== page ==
Pope Benedict XVI held his weekly General Audience Wednesday, during which he continued his catechetical series on prayer. The focus of the catechesis this was Psalm 136:
Known as the Great Hallel, this Psalm is a great hymn of praise which was traditionally sung at the conclusion of the Passover meal. As such, it was probably sung by Jesus and his disciples at the Last Supper (cf. Mt 26:30). The Psalm takes the form of a litany praising God’s mighty deeds in the creation of the world and in the history of Israel; each reference to God’s saving work is followed by the refrain: “For his steadfast love endures for ever”. It is God’s faithful love, in fact, which is revealed in the ordered beauty of the universe and in the great events of Israel’s liberation from slavery and the pilgrimage of the Chosen People to the land of promise. As we sing this great litany of God’s mighty works, we give thanks that the depth of his steadfast and merciful love was fully revealed in the coming of his only-begotten Son.
The Holy Father went on to say that in Christ, we see clearly “what love the Father has given us, that we should be called children of God, for that is what we are” (1 Jn 3:1). As usual, following the catechesis, the Holy Father greeted pilgrims in several languages, including English:
I offer cordial greetings to all the English-speaking pilgrims and visitors present at today’s Audience, especially those from England, Norway, Nigeria, Australia, Indonesia and the United States. My greeting also goes to the members of Legatus visiting Rome on pilgrimage and to the group of Lutheran pilgrims from Iceland. I also welcome the group of Anglican seminarians taking part in a month of study in Rome. Upon all of you I invoke God’s blessings of joy and peace!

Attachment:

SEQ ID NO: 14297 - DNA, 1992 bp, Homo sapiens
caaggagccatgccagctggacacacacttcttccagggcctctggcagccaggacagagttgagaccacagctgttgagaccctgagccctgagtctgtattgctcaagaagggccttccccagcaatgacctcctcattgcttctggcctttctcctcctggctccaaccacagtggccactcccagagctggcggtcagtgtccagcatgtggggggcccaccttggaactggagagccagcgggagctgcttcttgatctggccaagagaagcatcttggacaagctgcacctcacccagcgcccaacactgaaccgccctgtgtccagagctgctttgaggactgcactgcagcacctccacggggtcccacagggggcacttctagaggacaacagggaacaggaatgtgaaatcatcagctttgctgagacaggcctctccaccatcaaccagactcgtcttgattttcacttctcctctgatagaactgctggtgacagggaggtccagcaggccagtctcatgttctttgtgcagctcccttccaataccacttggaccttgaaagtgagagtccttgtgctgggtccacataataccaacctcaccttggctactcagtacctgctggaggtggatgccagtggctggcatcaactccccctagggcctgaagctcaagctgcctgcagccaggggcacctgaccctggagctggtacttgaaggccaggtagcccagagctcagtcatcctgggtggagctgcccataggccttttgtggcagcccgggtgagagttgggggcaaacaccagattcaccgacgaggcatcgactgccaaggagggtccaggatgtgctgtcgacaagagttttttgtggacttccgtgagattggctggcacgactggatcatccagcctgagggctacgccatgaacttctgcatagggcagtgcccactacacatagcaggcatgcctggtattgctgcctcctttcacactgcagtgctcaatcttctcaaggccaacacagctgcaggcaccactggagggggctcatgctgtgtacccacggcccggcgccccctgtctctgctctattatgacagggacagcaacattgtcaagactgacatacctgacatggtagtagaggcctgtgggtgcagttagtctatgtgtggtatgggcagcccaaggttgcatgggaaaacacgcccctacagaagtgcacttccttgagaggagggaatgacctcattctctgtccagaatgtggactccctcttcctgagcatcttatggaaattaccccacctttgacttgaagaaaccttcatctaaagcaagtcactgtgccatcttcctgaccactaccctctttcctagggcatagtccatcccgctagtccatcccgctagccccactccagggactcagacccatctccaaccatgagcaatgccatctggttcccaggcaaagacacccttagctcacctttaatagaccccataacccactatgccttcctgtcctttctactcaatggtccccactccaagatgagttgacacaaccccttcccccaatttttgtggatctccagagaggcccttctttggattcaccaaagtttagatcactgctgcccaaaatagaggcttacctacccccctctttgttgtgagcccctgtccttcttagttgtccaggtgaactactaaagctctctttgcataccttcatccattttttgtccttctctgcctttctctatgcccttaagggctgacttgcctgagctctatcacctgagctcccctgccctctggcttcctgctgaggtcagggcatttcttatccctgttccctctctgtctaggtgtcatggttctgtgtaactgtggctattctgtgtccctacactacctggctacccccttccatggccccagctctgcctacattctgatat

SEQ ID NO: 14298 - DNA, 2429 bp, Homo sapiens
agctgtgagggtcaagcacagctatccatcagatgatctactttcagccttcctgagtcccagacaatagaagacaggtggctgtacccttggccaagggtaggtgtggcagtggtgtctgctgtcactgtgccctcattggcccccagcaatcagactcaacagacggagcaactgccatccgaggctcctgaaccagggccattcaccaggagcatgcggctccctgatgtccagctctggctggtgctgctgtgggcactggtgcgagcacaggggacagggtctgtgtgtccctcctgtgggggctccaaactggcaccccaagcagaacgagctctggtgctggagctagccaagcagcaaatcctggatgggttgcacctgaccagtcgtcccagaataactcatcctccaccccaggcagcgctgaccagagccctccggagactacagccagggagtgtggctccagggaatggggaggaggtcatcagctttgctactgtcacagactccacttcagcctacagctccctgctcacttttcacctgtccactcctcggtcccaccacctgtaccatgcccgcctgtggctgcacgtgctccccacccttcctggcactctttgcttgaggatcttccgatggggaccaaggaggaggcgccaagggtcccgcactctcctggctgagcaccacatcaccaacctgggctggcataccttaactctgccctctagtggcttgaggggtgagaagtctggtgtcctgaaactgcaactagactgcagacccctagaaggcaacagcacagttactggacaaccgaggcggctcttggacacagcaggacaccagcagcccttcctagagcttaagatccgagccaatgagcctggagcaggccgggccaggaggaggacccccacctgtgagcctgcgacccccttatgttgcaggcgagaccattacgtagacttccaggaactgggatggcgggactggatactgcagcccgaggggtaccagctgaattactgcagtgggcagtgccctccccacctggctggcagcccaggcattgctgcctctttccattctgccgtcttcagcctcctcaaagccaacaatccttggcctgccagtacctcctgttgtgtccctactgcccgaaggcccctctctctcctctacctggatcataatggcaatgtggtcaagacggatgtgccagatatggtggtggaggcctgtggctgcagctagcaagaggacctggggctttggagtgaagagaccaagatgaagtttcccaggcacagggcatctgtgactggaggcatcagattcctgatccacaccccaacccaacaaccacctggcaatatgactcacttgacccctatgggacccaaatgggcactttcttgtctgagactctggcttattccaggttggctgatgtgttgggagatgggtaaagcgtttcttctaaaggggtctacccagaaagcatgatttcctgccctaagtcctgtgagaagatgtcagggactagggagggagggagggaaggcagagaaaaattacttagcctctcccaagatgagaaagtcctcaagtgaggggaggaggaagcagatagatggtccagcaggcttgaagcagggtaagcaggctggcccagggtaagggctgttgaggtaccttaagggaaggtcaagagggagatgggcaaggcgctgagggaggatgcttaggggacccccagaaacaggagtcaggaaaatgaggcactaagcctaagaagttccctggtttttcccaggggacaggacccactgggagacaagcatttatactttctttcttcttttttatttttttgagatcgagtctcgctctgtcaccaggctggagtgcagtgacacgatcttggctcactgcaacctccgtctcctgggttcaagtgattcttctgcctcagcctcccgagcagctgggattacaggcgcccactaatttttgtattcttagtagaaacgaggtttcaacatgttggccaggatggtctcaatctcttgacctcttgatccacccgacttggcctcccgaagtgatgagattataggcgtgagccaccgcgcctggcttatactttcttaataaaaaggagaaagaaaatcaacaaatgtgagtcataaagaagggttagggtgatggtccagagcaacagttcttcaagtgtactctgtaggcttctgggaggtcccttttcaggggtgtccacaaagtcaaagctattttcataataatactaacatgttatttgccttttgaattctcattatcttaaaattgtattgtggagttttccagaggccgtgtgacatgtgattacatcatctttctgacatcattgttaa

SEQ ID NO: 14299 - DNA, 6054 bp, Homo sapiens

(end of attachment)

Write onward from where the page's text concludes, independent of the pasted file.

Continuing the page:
This Wednesday was the latest of more than a dozen reflections on Christian prayer, which the Holy Father began in May of this year.
Assisi: Religions Journeying towards Justice and Peace
VATICAN CITY, 18 OCT 2011 (VIS) - A press conference was held this morning in the Holy See Press Office to present the "Day of reflection, dialogue and prayer for peace and justice in the world: Pilgrims of Truth, Pilgrims of Peace", due to take place in the Italian town of Assisi on 27 October.
Participating in today's conference were: Cardinal Peter Kodwo Appiah Turkson, president of the Pontifical Council for Justice and Peace; Bishop Mario Toso, S.D.B., secretary of the same pontifical council; Archbishop Pier Luigi Celata, secretary of the Pontifical Council for Inter-religious Dialogue; Fr. Andrea Palmieri, head of the Oriental Section of the Pontifical Council for Promoting Christian Unity; Msgr. Melchor Jose Sanchez de Toca y Alameda, under secretary of the Pontifical Council for Culture, and Fr. Jean-Marie Laurent Mazas of the Pontifical Council for Culture, director of the "Courtyard of the Gentiles" initiative.
By calling this Day in Assisi, Benedict XVI wishes to mark the twenty-fifth anniversary of the historic meeting organised there by John Paul II in 1986. "The world today, as it did twenty-five years ago, needs peace", said Cardinal Turkson. "Following two and a half decades of collaboration and joint witness among religions, it is time to assess the results and to relaunch our commitment in the face of new challenges", he explained. Those challenges include "the financial and economic crisis which is lasting longer than expected, the crisis in democratic and social institutions, food and environmental problems, biblical-scale migrations, indirect forms of neo-colonialism, the scourge of poverty and hunger, unchecked international terrorism, and greater inequality and religious discrimination".